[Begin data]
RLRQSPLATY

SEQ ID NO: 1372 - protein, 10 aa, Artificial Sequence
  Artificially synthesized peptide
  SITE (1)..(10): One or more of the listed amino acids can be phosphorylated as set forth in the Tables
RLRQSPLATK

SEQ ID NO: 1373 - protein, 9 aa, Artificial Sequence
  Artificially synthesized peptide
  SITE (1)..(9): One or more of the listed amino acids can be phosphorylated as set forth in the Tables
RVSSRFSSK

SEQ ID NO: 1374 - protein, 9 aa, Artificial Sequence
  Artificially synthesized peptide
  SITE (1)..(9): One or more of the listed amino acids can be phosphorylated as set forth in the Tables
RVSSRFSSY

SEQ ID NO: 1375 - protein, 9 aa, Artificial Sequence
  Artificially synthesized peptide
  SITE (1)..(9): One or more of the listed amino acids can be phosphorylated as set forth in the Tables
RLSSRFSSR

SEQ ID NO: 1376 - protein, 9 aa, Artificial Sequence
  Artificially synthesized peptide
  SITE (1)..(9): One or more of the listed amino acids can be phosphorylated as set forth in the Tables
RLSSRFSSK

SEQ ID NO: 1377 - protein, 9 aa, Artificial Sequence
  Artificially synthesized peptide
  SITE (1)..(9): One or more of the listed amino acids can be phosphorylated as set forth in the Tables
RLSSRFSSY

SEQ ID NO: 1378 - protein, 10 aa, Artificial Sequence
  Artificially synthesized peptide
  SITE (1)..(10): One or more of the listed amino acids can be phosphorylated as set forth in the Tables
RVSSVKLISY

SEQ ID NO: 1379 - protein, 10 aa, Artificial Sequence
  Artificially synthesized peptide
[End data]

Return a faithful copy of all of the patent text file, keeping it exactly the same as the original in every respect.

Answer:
RLRQSPLATY

SEQ ID NO: 1372 - protein, 10 aa, Artificial Sequence
  Artificially synthesized peptide
  SITE (1)..(10): One or more of the listed amino acids can be phosphorylated as set forth in the Tables
RLRQSPLATK

SEQ ID NO: 1373 - protein, 9 aa, Artificial Sequence
  Artificially synthesized peptide
  SITE (1)..(9): One or more of the listed amino acids can be phosphorylated as set forth in the Tables
RVSSRFSSK

SEQ ID NO: 1374 - protein, 9 aa, Artificial Sequence
  Artificially synthesized peptide
  SITE (1)..(9): One or more of the listed amino acids can be phosphorylated as set forth in the Tables
RVSSRFSSY

SEQ ID NO: 1375 - protein, 9 aa, Artificial Sequence
  Artificially synthesized peptide
  SITE (1)..(9): One or more of the listed amino acids can be phosphorylated as set forth in the Tables
RLSSRFSSR

SEQ ID NO: 1376 - protein, 9 aa, Artificial Sequence
  Artificially synthesized peptide
  SITE (1)..(9): One or more of the listed amino acids can be phosphorylated as set forth in the Tables
RLSSRFSSK

SEQ ID NO: 1377 - protein, 9 aa, Artificial Sequence
  Artificially synthesized peptide
  SITE (1)..(9): One or more of the listed amino acids can be phosphorylated as set forth in the Tables
RLSSRFSSY

SEQ ID NO: 1378 - protein, 10 aa, Artificial Sequence
  Artificially synthesized peptide
  SITE (1)..(10): One or more of the listed amino acids can be phosphorylated as set forth in the Tables
RVSSVKLISY

SEQ ID NO: 1379 - protein, 10 aa, Artificial Sequence
  Artificially synthesized peptide